Why both Andhra and proposed Telangana state want the city as their state capital
The most difficult and sensitive part in the bifurcation of Andhra Pradesh was deciding the status of Hyderabad, the capital city. The United Progressive Alliance coordination committee and the Congress Working Committee, while endorsing the carving out of Telangana from Andhra Pradesh, decided that Hyderabad will be common capital to both Andhra and Telangana for 10 years. The city is located in the heart of Telangana. Naturally, Telanagana people were demanding that the city should be the capital of the new state. But most of the investments in Hyderabad were made by rich industrialists and business people from coastal Andhra.
People from Andhra, being under direct British rule, had access to better educational facilities. They also had better irrigation facilities set up by the British, and because of enhanced agriculture production, they had become an entrepreneurial class. Most of them migrated to Hyderabad and started industries and businesses.
Naidu and the rise of city's fortune
Hyderabad was a not-so-developed a city till 1996 when N Chandrababu Naidu, leader of Telugu Desam Party (TDP), became the chief minister of the state. Unlike the chief ministers before him, Naidu focused on attracting investments from within and outside the country. He spared no effort to make the city a globally known information and technology hub.
|Andhra's money spinner
|Andhra sales tax collection (2012-13): Rs 42,041 crore
Hyderabad : 75.2 %
Telangana : 7.6 %
Coastal Andhra : 14.3 %
Foreign Direct Invest (FDI) from 1991-2010 (in Rs crores)
Rayalaseema : 732
Coastal Andhra: 5,499
|Per capita income
|Per capita income growth
During this process, he even allowed the World Bank to assess the state government's policies and make suggestions to formulate new policies. Hyderabad soon became one of the most-sought after destinations of investors and international funding agencies. Naidu developed Cyberabad, an extension of Hyderabad known as hi-tech city, where all hi-tech industries could get established. Naidu even visited Bill Gates in Seattle. Later, Gates started a Microsoft development centre in Hyderabad. The US president Bill Clinton, too, paid a visit to Hyderabad.
Inspired by the international attention he received, Naidu released “Vision 20”, a roadmap for development for next 20 years, mainly of Hyderabad. It was prepared with the help of international consultancy firm,McKinsey. It included ambitious plans for investments and creating jobs.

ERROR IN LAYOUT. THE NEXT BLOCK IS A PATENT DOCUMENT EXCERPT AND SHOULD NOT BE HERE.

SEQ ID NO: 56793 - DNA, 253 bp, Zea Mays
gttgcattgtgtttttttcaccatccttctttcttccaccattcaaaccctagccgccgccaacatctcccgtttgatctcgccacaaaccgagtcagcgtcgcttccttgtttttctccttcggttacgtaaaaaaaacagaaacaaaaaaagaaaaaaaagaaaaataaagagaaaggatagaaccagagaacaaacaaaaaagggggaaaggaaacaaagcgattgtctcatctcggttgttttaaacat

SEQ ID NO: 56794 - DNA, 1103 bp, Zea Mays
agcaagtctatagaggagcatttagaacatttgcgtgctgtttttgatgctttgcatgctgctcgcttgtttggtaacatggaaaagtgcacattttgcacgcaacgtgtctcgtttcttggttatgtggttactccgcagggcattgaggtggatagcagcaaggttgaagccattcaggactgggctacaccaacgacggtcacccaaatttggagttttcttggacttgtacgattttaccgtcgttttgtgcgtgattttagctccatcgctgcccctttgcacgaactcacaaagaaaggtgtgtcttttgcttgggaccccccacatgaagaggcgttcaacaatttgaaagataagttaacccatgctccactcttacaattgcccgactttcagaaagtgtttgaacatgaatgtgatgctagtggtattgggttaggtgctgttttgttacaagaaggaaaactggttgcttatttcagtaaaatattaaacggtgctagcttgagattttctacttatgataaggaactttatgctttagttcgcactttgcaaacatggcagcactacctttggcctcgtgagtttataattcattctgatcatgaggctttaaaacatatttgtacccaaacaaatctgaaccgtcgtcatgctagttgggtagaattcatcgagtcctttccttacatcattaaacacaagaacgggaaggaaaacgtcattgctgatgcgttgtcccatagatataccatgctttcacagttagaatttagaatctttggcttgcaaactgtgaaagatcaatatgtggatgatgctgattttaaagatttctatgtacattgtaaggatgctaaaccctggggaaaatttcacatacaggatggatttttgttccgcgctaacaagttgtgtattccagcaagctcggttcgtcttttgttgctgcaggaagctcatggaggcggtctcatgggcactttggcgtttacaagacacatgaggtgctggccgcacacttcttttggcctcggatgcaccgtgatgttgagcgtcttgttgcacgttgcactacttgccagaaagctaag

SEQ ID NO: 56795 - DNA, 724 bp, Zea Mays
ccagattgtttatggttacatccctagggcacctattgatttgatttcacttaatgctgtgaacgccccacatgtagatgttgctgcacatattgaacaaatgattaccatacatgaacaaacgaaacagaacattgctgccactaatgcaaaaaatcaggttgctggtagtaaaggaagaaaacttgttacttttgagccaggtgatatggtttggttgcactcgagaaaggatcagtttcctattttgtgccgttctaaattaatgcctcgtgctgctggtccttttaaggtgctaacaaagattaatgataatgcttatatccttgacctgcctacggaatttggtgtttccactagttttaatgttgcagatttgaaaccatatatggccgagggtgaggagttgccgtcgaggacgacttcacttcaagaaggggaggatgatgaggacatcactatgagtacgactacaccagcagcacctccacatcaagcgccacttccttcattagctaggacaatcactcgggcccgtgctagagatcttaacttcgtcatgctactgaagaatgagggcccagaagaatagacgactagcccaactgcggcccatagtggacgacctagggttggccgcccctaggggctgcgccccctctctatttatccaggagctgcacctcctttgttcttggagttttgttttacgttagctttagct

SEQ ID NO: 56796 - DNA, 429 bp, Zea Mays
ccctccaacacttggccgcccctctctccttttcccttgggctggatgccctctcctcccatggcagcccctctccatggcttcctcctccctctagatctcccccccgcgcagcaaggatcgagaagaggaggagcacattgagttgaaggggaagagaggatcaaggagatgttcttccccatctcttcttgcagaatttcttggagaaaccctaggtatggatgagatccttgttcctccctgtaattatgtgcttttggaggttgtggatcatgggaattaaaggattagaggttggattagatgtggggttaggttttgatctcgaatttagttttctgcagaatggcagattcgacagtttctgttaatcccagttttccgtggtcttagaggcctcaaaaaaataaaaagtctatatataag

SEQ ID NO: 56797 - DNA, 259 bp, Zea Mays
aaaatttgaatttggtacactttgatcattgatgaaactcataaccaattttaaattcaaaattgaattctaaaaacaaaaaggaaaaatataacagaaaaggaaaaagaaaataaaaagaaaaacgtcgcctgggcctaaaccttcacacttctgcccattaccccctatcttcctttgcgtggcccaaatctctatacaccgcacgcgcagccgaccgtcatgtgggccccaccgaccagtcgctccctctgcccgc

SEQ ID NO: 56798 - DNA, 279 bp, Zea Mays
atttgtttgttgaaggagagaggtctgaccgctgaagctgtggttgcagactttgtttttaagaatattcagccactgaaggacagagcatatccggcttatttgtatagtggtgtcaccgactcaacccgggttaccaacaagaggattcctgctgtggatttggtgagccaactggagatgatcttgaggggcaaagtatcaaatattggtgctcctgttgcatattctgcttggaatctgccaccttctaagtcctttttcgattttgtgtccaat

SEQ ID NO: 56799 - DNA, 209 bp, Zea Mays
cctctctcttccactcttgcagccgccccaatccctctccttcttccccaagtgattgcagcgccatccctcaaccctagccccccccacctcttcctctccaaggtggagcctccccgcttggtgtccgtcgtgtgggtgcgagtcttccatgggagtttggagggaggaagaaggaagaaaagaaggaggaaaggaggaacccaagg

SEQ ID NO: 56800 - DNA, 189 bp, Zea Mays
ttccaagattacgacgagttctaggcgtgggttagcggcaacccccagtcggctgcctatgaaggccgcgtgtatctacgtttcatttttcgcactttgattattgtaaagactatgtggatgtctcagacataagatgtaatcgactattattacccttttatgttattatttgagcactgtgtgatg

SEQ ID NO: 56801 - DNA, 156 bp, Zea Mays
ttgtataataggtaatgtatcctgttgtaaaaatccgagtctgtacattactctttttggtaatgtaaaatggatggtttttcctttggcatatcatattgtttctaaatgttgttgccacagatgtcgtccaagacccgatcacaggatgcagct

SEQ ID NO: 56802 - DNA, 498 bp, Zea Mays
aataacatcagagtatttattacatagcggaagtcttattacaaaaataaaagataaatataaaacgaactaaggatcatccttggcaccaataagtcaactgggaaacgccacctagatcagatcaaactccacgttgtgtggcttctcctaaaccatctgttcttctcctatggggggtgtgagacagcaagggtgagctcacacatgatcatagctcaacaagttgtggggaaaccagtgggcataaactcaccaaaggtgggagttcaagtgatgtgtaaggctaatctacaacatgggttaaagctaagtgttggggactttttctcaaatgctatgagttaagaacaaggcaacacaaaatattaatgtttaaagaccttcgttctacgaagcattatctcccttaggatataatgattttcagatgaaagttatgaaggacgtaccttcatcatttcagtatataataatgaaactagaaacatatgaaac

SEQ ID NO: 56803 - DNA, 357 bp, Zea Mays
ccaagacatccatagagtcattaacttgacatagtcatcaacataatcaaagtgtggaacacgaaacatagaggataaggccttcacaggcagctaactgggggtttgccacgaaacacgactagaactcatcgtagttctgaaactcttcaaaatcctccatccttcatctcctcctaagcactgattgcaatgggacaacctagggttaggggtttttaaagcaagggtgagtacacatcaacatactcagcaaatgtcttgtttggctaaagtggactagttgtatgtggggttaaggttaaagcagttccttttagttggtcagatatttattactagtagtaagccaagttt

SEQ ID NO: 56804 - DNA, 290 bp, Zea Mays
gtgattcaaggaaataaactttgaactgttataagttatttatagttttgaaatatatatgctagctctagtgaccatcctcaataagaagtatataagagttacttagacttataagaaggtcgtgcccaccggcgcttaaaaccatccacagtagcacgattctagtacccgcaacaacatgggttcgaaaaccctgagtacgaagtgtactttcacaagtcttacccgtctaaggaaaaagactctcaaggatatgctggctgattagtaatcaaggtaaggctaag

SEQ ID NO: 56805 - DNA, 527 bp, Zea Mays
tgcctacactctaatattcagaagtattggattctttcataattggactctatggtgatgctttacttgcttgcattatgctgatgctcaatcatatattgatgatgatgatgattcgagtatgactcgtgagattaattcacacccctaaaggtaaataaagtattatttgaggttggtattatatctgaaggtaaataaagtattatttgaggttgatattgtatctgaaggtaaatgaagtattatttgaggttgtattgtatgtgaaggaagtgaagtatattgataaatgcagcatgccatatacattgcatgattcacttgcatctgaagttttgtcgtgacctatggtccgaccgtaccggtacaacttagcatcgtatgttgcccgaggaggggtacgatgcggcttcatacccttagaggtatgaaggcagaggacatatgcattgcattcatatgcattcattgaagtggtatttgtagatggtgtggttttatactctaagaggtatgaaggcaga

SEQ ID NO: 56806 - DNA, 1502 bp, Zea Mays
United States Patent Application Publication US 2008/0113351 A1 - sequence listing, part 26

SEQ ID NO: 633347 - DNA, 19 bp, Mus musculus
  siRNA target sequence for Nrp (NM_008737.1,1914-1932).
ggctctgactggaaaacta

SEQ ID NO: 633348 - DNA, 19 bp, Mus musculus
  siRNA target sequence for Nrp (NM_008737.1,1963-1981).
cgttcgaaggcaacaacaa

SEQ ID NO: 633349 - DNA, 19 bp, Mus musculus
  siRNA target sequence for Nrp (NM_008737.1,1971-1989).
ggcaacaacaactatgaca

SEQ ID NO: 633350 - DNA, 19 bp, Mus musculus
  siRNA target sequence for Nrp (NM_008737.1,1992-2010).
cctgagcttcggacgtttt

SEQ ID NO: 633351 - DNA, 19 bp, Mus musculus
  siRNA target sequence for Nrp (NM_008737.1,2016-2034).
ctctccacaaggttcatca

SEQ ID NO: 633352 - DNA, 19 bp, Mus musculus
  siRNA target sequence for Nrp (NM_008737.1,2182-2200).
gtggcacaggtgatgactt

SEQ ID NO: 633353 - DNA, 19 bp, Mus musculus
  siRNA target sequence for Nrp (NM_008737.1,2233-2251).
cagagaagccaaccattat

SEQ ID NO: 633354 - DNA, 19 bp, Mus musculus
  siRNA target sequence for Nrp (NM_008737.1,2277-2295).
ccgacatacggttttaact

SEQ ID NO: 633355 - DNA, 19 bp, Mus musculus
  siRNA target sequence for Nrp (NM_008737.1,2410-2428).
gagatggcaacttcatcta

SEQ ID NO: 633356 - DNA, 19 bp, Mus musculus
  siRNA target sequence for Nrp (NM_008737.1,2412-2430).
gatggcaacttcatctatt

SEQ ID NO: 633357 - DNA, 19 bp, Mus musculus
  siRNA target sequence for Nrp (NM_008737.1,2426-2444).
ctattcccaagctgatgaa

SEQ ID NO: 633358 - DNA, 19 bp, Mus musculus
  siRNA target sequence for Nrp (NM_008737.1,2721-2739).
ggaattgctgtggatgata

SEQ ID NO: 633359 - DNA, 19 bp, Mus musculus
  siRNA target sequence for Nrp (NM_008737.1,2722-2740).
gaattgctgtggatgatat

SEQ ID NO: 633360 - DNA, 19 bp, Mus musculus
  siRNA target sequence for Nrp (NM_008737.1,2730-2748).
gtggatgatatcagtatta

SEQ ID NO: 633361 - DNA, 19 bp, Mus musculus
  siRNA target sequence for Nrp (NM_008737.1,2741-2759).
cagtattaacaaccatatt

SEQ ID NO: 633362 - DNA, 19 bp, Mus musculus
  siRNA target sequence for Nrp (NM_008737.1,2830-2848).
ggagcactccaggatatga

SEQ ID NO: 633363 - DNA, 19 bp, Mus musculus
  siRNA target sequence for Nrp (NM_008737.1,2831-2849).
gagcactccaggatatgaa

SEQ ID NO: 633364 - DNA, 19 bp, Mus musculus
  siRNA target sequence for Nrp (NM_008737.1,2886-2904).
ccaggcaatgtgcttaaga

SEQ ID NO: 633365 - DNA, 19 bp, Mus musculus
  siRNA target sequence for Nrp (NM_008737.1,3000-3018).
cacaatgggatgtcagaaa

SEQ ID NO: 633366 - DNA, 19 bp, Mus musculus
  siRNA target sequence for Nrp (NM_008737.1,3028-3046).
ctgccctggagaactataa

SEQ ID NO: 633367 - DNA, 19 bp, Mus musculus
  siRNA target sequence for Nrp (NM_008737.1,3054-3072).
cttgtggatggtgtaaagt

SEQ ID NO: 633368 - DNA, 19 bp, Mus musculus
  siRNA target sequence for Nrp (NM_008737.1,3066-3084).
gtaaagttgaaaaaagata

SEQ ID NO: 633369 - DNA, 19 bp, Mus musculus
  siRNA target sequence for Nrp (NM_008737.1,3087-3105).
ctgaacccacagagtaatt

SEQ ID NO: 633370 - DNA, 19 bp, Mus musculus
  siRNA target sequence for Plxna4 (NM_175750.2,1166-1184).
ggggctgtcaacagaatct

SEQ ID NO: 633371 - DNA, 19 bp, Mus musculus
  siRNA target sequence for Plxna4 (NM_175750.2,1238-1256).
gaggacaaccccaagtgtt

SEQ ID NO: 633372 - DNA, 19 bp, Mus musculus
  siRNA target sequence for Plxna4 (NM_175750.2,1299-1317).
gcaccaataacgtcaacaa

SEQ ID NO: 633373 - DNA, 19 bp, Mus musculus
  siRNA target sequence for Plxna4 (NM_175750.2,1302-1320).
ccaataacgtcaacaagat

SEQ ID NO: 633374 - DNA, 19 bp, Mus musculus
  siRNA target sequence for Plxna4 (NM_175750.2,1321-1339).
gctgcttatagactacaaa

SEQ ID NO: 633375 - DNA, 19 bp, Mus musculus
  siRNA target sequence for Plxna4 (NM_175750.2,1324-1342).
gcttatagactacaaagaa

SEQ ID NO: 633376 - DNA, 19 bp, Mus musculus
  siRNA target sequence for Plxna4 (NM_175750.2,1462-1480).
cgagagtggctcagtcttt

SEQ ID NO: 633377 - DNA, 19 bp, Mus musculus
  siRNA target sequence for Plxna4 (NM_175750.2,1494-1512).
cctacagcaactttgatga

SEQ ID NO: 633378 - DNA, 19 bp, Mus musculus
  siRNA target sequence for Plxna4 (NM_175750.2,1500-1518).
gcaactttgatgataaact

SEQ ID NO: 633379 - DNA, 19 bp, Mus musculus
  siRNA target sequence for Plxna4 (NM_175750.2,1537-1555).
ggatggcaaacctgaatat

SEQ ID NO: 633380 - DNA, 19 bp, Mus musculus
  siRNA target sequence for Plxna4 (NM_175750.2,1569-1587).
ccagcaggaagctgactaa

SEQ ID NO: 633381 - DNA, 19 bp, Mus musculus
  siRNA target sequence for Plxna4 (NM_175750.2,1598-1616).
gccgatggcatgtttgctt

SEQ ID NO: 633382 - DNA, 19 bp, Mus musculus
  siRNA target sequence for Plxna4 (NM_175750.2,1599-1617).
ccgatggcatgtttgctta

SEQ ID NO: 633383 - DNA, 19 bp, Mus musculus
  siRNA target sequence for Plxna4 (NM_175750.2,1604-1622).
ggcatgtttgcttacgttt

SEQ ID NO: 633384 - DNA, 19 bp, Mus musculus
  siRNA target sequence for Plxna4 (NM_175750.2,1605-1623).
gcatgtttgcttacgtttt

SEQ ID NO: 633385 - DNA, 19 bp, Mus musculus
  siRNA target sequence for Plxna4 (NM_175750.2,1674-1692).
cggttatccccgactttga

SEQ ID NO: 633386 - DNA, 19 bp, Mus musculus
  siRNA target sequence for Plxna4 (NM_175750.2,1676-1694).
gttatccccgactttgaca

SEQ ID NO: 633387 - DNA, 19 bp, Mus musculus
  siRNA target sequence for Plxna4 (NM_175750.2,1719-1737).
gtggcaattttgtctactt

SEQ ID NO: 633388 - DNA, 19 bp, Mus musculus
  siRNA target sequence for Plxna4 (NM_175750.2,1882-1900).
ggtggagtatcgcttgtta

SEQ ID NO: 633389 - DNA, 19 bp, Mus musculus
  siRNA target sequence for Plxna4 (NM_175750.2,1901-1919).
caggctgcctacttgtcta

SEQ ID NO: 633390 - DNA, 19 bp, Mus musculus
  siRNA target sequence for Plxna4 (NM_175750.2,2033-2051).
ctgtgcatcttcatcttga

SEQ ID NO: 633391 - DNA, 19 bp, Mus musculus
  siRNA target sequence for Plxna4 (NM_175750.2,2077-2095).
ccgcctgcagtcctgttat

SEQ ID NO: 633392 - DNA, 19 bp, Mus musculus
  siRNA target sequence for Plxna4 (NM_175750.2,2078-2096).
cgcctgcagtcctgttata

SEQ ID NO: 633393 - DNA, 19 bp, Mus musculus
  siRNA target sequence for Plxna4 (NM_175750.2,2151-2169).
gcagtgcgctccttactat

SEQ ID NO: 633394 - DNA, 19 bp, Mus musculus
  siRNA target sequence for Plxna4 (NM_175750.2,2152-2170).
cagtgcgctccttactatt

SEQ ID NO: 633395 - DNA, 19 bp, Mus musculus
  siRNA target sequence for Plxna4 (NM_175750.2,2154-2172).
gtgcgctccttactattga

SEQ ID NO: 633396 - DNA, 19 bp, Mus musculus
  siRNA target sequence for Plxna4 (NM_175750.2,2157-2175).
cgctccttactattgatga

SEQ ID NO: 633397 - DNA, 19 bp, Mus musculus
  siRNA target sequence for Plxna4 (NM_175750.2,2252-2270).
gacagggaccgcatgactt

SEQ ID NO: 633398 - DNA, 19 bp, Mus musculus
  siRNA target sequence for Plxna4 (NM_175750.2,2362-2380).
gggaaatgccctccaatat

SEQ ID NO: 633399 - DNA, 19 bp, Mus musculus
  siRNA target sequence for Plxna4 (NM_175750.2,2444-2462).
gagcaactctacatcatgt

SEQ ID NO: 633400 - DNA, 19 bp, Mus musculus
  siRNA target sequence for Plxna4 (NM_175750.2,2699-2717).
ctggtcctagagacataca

Hyderabad became a city of opportunities and paradise for investors. A lot of foreign and domestic investments flowed into the city. Many from within the state and outside the state migrated to Hyderabad for making their fortune.
But the reforms cost Naidu dearly. Since the whole attention was focused on Hyderabad, rural Andhra Pradesh, especially Telangana, got alienated. In the 2004 election, TDP was routed. But Congress' Y S Rajasekhara Reddy, who came to power in 2004, took the development plans forward, based on industries. The city started expanding faster and more and more investors started coming in. During Reddy's tenure vast stretches of farmland around Hyderabad were given away to investors and industrialists. Hyderabad was expanding so rapidly that it had eaten into neighbouring districts like Ranga Reddy where farming had been the main source of living for people. Many of the deals are now under the CBI scanner.
Apart from being an IT hub, Hyderabad can be termed as the capital of drug industries and super speciality hospitals, big laboratories, hotels, business houses and national scientific research institutions. It is surrounded by backward regions. A good chunk of the state’s revenue is contributed by Hyderabad.
Had the United Progressive Alliance and the Congress Working Committee decided to keep Hyderabad as Union territory, it would have been a real problem for both Telangana and Seemandhra to develop new capitals. Now the issue will be sharing of revenue and natural resources.
We are a voice to you; you have been a support to us. Together we build journalism that is independent, credible and fearless. You can further help us by making a donation. This will mean a lot for our ability to bring you news, perspectives and analysis from the ground so that we can make change together.
Comments are moderated and will be published only after the site moderator’s approval. Please use a genuine email ID and provide your name. Selected comments may also be used in the ‘Letters’ section of the Down To Earth print edition.